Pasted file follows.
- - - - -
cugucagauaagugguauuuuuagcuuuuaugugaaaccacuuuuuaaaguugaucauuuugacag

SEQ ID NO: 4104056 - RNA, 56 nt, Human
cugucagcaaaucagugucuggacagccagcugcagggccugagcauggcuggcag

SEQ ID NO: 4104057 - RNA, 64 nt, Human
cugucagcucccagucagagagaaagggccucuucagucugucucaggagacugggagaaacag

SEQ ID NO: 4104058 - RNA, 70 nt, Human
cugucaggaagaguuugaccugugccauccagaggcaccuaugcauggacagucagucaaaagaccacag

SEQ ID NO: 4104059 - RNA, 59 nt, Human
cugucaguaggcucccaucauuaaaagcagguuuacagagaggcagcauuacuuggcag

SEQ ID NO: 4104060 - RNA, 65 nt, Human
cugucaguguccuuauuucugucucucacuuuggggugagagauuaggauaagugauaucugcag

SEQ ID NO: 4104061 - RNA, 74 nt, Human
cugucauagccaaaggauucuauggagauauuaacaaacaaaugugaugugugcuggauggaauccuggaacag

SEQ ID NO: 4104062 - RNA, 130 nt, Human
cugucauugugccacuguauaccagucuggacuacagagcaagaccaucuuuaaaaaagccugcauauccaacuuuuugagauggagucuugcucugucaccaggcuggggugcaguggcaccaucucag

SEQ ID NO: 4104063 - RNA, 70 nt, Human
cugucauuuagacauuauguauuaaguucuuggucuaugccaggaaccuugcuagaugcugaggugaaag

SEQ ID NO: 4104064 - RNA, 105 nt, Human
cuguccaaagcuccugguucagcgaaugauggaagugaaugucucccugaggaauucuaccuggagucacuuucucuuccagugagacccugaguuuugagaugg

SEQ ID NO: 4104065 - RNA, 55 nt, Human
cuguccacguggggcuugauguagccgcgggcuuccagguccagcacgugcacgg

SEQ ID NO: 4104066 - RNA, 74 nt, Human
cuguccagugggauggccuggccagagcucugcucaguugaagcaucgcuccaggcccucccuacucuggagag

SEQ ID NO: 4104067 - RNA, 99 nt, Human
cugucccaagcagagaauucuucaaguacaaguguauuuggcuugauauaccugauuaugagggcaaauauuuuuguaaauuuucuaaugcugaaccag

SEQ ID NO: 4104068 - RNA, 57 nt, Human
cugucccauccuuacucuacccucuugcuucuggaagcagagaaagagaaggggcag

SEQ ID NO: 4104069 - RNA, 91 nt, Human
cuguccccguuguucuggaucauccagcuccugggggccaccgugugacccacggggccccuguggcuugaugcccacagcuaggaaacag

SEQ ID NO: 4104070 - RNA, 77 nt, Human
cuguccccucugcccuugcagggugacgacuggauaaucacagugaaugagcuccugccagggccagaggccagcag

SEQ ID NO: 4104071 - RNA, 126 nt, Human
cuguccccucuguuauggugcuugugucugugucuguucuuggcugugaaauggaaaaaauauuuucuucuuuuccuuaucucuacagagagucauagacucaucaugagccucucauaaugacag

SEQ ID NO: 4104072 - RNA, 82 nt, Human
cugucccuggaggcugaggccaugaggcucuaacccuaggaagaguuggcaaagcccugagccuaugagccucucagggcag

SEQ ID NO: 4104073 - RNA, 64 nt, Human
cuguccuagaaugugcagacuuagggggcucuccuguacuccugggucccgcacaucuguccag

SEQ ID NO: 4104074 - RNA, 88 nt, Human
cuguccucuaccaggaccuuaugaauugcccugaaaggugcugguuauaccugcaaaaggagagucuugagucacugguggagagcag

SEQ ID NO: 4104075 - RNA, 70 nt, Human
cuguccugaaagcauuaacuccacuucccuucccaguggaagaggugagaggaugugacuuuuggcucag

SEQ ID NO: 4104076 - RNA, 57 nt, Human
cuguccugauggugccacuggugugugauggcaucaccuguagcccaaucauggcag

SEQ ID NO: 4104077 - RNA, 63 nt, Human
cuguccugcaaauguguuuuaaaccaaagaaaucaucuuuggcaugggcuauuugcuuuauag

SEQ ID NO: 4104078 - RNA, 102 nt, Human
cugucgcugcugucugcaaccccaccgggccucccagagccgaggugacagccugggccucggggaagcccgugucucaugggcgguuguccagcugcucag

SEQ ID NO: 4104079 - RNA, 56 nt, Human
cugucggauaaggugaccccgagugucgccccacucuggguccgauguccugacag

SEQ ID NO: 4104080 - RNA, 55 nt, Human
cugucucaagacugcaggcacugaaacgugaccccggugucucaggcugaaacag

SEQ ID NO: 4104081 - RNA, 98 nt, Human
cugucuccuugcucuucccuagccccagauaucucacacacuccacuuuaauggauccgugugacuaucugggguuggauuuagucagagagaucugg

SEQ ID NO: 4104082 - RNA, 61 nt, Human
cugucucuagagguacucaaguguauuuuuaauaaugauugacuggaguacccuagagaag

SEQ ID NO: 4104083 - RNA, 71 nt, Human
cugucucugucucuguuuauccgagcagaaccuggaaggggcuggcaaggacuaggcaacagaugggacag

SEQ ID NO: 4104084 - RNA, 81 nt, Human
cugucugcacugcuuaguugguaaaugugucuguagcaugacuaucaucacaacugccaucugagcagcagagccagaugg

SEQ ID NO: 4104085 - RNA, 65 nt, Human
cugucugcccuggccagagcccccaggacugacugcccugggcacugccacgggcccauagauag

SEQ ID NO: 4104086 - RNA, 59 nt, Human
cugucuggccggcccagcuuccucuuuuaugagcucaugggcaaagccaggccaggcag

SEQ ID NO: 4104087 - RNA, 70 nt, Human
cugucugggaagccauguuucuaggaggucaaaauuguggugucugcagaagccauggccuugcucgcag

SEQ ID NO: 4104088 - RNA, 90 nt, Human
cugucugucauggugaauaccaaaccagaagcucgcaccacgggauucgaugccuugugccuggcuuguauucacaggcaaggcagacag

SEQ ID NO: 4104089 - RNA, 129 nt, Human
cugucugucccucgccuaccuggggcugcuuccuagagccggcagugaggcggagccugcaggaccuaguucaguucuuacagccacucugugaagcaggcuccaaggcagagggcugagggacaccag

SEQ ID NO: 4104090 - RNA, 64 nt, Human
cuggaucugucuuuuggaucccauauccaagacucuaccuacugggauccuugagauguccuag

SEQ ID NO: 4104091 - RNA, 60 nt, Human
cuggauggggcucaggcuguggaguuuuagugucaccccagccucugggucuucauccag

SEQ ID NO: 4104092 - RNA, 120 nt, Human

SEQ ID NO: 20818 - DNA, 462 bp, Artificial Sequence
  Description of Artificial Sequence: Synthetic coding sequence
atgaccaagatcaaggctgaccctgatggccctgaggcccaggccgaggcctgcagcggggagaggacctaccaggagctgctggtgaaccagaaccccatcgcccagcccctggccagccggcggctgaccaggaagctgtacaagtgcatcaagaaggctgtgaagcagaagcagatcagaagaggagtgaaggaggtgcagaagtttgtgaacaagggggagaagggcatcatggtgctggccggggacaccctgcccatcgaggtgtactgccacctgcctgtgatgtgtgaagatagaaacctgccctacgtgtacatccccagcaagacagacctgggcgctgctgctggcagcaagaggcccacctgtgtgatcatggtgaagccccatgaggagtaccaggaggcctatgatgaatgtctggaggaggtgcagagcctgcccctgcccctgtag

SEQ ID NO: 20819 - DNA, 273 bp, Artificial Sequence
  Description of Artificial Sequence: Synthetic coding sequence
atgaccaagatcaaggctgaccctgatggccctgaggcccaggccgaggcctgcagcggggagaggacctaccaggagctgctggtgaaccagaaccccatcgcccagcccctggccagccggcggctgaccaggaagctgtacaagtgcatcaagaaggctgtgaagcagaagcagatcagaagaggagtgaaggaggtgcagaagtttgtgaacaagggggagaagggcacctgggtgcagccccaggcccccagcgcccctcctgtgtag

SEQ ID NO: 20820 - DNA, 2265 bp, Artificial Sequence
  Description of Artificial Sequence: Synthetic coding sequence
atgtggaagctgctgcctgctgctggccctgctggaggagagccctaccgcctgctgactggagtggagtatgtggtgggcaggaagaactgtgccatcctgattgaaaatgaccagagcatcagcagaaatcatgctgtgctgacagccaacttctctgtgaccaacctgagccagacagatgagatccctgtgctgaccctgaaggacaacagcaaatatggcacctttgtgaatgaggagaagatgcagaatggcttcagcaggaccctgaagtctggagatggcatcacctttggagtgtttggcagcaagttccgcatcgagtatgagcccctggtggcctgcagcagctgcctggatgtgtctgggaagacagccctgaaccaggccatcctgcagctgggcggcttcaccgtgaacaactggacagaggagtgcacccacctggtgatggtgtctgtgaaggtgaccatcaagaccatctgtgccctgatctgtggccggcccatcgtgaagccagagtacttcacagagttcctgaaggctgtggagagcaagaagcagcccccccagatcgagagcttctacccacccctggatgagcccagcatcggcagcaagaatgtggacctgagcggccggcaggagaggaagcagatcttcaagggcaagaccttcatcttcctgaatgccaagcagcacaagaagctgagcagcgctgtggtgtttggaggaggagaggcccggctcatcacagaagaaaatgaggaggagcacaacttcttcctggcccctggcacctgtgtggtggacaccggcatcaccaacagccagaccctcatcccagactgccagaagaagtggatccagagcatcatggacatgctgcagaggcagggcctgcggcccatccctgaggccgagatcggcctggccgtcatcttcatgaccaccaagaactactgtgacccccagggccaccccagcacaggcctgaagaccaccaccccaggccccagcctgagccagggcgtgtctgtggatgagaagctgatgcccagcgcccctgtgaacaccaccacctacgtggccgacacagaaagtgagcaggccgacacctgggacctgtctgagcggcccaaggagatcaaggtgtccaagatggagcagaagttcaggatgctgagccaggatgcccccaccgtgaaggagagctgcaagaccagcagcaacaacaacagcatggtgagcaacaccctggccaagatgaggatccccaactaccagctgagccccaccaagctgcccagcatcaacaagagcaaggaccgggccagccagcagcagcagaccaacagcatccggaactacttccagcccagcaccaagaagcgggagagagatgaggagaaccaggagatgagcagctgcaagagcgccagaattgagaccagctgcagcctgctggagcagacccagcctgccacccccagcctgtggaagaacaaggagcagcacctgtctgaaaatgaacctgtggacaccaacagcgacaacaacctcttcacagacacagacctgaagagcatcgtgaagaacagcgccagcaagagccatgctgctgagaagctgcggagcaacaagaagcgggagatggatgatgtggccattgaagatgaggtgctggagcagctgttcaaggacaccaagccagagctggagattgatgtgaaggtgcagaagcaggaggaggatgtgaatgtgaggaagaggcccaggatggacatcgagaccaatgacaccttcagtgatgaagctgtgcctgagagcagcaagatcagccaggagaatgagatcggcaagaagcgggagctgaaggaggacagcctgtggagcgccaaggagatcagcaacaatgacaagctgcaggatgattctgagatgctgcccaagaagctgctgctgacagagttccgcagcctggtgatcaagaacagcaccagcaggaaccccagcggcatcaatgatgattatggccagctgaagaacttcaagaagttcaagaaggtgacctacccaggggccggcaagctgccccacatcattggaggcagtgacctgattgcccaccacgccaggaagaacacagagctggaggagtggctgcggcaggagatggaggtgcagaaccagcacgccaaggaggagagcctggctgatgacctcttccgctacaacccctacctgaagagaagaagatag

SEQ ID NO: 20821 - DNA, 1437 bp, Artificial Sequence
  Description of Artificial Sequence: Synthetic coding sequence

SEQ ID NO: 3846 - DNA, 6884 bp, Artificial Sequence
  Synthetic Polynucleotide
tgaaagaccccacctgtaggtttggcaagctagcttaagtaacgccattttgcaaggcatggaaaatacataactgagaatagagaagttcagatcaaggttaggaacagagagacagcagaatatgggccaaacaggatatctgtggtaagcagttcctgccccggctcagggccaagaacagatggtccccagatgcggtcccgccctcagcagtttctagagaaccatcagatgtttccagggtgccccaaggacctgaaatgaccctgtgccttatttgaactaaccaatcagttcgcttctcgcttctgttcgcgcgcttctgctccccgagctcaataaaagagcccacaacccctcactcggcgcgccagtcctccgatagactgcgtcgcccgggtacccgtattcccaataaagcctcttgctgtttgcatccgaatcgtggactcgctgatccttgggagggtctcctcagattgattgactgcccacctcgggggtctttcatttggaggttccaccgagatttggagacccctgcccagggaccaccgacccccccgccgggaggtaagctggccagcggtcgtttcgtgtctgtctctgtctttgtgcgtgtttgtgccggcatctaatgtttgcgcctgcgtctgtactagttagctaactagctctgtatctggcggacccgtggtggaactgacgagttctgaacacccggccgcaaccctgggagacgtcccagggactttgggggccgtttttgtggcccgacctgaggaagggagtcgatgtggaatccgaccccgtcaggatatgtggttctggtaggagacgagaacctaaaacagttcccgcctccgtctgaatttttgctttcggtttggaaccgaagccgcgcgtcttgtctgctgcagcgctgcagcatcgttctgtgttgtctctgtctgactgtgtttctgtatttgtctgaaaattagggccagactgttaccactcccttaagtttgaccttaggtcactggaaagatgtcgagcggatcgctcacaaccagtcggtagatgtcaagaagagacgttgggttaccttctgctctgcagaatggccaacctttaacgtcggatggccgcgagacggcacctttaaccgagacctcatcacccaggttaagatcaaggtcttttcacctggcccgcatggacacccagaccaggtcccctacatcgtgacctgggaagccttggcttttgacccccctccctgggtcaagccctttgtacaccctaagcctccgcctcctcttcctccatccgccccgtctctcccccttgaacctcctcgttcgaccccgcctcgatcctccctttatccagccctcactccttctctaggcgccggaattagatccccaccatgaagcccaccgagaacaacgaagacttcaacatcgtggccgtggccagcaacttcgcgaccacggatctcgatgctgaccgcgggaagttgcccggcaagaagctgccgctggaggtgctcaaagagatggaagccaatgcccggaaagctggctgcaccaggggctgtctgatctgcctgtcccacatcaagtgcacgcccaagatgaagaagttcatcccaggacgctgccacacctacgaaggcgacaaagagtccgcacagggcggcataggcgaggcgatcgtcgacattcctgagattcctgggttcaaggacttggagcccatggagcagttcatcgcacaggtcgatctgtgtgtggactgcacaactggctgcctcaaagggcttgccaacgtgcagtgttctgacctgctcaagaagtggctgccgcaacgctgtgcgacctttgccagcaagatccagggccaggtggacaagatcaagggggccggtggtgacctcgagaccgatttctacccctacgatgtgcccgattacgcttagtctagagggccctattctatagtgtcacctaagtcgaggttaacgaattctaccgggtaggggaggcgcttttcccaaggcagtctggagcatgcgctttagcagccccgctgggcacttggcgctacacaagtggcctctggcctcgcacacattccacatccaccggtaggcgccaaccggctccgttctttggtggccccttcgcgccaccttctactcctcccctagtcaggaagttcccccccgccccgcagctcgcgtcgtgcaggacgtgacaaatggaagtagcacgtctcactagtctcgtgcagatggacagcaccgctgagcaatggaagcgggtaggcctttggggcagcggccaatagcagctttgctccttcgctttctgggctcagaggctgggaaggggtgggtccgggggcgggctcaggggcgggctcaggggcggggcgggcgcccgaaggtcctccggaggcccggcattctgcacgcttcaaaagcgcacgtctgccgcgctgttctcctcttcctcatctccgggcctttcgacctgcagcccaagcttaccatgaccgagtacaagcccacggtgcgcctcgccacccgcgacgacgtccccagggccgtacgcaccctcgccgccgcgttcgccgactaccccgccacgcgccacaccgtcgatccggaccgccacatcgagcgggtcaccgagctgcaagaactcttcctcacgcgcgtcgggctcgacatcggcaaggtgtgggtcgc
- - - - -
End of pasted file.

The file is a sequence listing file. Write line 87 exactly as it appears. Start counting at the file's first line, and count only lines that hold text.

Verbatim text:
  Synthetic Polynucleotide